Yes, definitely. What drew me to the track when I started was that the track season had shifted. It used to be that track ran the exact same time as cyclocross did through the fall, and then Track Worlds would be at the start of March, a month after the cyclocross season ended. And so obviously, when that was the case, I couldn’t really do both. But then they changed track to be a summer sport—even though it’s a summer sport with three World Cups that are in April, May, June, then nothing all summer—with Worlds in October.
It’s still frustrating and hard to make the choice with which to focus on. Last year, I put all my eggs in the track basket and then didn’t make Worlds. In doing that, I missed the cyclocross World Cups in the States in early fall. It’s never going to work out perfectly. And it’s stressful because no matter when you decide to take an offseason, someone is out there racing, so you feel that FOMO and you worry you’re not racing enough. But if you keep racing, you end up injured.
It's a delicate balance because racing multiple discipline does have a lot of great crossovers that can prevent injury and burnout, though!
Exactly. For me, the most important is having a coach that’s like, ‘Hey, chill for a bit. Please relax.’ I used to be pushed a little more challenging by previous coaches, and I didn’t really need that because I love to train and race. Now, we’re focusing on making sure that I’m actually rested and ready when I race. There are lots more mini-breaks in there, especially with these continuous seasons: a lot more active recovery and light weeks rather than full months off.
what's the most fun thing about the track?
and cyclocross is probably fun for the same but opposite reason, right?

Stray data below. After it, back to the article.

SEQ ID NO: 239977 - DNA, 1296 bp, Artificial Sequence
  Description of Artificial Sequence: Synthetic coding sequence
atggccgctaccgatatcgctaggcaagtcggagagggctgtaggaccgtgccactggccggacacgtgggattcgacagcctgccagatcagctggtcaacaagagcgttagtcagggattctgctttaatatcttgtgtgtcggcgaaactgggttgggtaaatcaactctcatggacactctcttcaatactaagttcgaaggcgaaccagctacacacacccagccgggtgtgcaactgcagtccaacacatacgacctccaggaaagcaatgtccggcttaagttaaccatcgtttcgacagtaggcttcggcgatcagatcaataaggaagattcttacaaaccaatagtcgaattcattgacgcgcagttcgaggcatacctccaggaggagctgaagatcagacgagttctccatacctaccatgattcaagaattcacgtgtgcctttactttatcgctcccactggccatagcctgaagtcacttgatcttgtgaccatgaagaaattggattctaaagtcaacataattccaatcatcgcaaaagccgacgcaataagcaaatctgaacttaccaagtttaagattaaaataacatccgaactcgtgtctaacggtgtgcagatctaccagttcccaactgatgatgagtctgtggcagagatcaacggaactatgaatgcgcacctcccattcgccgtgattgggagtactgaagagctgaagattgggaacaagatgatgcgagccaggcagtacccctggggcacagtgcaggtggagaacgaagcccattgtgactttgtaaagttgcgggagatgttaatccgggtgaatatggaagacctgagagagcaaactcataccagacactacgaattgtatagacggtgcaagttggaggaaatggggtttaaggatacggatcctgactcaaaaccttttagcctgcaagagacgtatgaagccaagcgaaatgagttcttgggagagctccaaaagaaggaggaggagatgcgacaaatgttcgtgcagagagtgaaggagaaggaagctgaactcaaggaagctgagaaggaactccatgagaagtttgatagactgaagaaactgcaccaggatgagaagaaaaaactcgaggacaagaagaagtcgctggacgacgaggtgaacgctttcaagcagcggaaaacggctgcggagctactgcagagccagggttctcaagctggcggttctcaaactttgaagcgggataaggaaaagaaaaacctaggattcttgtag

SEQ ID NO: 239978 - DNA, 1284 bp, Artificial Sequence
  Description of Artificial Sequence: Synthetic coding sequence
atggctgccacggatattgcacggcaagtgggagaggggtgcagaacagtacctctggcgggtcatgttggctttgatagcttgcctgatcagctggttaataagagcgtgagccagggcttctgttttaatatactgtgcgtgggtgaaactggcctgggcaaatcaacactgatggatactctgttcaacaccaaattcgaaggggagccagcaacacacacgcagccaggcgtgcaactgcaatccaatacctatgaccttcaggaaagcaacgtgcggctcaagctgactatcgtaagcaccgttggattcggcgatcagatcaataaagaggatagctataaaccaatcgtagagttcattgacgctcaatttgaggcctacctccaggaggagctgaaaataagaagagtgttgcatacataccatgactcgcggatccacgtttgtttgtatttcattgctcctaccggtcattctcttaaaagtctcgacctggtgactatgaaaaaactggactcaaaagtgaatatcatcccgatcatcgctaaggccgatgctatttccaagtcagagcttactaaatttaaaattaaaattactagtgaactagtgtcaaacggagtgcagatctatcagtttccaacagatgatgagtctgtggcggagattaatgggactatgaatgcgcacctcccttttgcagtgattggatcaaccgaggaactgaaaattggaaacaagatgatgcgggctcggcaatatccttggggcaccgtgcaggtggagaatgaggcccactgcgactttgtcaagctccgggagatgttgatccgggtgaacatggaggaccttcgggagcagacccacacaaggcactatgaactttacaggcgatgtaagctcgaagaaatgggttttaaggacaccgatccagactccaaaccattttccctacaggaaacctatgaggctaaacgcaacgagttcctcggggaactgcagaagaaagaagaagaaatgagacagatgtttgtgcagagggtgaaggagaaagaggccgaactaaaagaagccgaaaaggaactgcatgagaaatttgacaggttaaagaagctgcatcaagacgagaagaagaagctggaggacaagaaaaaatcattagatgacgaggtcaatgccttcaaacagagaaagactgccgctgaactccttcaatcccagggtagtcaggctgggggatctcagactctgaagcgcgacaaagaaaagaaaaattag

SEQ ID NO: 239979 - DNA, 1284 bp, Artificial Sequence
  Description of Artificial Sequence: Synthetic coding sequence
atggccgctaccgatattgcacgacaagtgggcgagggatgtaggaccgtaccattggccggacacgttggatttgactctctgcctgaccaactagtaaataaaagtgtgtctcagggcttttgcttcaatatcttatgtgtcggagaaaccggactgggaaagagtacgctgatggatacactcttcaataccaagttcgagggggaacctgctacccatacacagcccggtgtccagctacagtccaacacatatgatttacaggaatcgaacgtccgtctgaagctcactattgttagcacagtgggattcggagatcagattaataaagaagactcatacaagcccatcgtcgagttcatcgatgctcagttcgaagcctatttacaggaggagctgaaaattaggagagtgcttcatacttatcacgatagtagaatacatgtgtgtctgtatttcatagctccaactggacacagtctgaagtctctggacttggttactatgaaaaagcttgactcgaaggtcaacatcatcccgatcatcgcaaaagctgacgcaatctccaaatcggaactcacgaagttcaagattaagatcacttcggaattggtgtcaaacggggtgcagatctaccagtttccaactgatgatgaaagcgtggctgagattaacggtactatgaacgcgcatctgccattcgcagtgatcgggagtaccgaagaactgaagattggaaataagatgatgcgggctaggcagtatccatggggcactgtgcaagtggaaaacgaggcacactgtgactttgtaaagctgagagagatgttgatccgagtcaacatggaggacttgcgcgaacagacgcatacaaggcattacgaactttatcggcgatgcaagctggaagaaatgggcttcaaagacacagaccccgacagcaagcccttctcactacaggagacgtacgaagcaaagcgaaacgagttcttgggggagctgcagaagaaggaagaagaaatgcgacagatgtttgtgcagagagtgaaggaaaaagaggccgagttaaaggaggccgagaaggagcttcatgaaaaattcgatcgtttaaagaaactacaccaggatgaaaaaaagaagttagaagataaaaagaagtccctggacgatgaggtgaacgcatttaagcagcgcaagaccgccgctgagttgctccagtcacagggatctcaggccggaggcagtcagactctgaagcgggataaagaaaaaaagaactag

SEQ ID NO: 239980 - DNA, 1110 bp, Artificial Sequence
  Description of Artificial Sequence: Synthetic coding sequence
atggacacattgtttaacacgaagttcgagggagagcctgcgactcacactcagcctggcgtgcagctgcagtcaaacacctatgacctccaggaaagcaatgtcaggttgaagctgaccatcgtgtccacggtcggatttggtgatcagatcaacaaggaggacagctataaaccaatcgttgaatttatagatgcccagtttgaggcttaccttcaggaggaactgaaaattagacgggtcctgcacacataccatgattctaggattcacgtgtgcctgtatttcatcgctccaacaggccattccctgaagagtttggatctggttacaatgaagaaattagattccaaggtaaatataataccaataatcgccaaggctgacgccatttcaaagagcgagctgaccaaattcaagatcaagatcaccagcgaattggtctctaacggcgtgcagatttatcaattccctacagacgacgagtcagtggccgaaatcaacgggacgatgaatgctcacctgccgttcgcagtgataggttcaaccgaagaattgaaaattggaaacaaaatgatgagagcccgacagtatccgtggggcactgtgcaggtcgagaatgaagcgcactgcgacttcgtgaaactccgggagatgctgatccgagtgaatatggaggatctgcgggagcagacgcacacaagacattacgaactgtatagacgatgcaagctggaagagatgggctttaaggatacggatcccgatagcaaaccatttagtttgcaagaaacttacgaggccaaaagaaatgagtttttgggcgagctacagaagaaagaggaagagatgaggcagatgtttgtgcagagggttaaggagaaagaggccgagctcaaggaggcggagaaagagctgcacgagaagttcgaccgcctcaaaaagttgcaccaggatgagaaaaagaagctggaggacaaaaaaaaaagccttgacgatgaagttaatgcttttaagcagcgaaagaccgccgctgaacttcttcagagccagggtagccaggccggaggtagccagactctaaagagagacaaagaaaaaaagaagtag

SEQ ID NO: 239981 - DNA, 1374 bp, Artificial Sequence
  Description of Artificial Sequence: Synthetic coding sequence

I would say the people, for sure. It’s a very professional and well-supported environment, and it really feels like you’re a professional athlete when you’re there. You have all the support and resources you need, and we have a world-class facility here in Milton. It really does feel like you’re the best athlete you can be. Training here feels like you’re on an NBA team or something!
Exactly. It’s definitely also the people. And it’s definitely the fun that you have at the events. I thought that I would never want to do track because of the person I am and how much track feels like the exact opposite of things that I love about cyclocross, but both are so rewarding.
About the Writer
Molly Hurford is a journalist in love with all things cycling, running, nutrition and movement-related. When not outside, she’s writing about being outside and healthy habits of athletes and interviewing world-class athletes and scientists for The Consummate Athlete podcast and website, and most recently launched the book ‘Becoming A Consummate Athlete.‘ She’s the author of multiple books including the Shred Girls, a young adult fiction series and online community focused on getting girls excited about bikes.
Molly is a little obsessed with getting people psyched on adventure and being outside, and she regularly hosts talks and runs clinics for cyclists and teaches yoga online and IRL… And in her spare time, the former Ironman triathlete now spends time tackling long runs and rides on trails or can be found out hiking with her mini-dachshund DW and husband, cycling coach and kinesiologist Peter Glassford.